The Santee first encountered Europeans in the 1660s when a Spanish explorer sailed up the Santee River.
The tribe fought with the British against the North Carolina Tuscarora in the Tuscarora Wars during 1711.
From 1715 to 1716, they fought with other tribes against the British in the Yemassee War and were defeated.
The tribe was attacked by coastal tribes in 1716, possibly the Cusabo, who attempted to remove them on behalf of the colonists. Many Santee were captured and sent to the West Indies as slaves. Remaining Santee fled to Hickerau, the spiritual place of the Santee, located near present-day Elloree.
Many Santee moved to Oklahoma in 1853 as part of the Catawba. Some remained in South Carolina.
Santee mounds are located in Orangeburg. Excavation led to repatriation of ancestral remains.
Spanish accounts from the 1660s stated they lived in bark and mud-covered huts on the banks of the Santee River.
Food – Santee Indians
Farming: Corn, beans, squash, greens, peaches, melons, tobacco, and pumpkins. Gathered wild nuts and berries
Fishing: Variety of fish from the Santee River
Hunting: Deer, raccoons, geese, and turkeys
Clothing – Santee Indians
Men: Loincloth and moccasins
Women: Skirts and moccasins. Ceremonial dresses were decorated with wood, clay, and seed-type beads, as well as turkey feathers. The women of high social standing wore dresses decorated with hawk feathers.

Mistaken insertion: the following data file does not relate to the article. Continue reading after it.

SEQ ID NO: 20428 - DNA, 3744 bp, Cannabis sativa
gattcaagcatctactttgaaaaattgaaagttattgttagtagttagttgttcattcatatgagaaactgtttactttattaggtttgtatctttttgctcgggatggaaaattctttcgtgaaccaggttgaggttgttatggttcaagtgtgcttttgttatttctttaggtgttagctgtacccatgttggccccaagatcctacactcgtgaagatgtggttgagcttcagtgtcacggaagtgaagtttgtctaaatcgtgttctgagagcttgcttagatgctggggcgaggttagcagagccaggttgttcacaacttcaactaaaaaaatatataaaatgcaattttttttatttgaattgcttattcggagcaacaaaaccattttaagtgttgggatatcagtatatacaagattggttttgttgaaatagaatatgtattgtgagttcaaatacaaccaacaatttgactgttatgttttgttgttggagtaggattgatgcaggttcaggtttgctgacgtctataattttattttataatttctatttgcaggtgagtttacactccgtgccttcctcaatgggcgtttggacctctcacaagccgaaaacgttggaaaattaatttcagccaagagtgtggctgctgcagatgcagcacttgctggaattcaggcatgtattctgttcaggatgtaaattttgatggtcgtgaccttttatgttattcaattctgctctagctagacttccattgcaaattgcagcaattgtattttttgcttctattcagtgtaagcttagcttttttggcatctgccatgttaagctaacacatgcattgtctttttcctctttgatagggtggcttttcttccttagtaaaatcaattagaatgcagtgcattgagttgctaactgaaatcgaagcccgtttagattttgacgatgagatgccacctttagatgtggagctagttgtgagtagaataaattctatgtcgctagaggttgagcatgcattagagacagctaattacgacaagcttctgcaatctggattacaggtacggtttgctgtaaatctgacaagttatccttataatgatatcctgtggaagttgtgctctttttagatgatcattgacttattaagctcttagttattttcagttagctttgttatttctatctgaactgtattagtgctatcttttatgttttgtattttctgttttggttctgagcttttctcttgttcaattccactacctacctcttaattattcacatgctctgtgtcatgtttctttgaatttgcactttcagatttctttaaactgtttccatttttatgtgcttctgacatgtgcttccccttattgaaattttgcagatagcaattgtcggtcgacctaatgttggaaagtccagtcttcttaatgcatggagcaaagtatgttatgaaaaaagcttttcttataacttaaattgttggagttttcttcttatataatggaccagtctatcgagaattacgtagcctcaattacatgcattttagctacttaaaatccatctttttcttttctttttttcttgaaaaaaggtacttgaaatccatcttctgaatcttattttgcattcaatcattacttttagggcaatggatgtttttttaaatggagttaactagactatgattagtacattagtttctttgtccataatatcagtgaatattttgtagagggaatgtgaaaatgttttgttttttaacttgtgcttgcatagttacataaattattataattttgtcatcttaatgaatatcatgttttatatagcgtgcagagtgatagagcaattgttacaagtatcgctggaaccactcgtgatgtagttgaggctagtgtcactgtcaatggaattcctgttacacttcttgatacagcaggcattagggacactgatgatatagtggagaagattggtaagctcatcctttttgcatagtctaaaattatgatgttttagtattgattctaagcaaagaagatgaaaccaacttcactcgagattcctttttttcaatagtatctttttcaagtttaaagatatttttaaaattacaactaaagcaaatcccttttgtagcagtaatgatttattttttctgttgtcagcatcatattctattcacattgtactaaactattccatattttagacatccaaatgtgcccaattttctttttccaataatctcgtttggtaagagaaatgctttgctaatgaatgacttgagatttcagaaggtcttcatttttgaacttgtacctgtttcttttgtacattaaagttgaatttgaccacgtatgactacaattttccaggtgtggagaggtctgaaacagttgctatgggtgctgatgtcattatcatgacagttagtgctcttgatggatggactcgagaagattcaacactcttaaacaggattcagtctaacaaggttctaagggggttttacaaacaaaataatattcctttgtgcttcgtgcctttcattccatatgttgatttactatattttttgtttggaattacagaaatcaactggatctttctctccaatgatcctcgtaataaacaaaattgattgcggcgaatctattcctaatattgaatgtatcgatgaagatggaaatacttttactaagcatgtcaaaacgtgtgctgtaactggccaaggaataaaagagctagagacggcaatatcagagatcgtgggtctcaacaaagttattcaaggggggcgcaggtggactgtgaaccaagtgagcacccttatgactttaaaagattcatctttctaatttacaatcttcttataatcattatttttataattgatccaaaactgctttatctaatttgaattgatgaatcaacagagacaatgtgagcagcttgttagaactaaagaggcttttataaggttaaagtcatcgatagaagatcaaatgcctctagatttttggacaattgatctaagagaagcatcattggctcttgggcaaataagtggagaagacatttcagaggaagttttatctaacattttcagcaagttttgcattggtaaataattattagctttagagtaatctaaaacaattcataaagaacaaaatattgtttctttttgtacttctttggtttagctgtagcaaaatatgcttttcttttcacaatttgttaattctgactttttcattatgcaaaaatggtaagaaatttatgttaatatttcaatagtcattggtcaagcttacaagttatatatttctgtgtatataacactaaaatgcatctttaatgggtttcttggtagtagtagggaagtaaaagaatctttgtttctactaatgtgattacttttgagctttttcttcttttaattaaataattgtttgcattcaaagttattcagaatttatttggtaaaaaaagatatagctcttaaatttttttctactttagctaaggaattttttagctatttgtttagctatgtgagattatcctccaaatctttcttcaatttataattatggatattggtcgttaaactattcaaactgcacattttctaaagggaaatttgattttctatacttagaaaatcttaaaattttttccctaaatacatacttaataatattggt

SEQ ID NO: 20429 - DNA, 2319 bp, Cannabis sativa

Special clothing was decorated mainly with turkey and hawk feathers, but feathers from other birds were also used and everyday clothing was not decorated. All clothing was made from deerskins. Both men and women were bare from the waist up.
Beliefs and Practices – Santee Indians
The Santee had elaborate burial rituals. They buried chiefs, shaman, and warriors on earthen mounds. A structure made of wooden poles was placed on top of the mound to protect the body. Relatives hung offerings such as rattles and feathers on the poles. The height of the burial mound indicated the importance of the deceased. Common people were buried by wrapping their bodies in bark and setting them upon platforms. The closest relative of the deceased would paint their face black and keep a vigil at the grave for several days. After a time, corpses were removed from the burial site and their bones and skull were cleaned. Families placed the bones of loved ones in a box and cleaned and oiled them each year.
At places where a warrior was killed, the Santee would make a marker of stones or sticks. Each time the site was passed by a Santee, they were expected to add a stone or stick in remembrance of the fallen.
Related Santee Indian Resources
Santee Facts - published 1920 - click link, then scroll down
Swanton, John R. The Indian Tribes of North America. Washington, DC: Smithsonian Institution Press, 1984, p. 98.
Tower, Christopher "Santee." Gale Encyclopedia of Native American Tribes. Vol. 1. Detroit: Gale Research, 1998, pp. 471-72.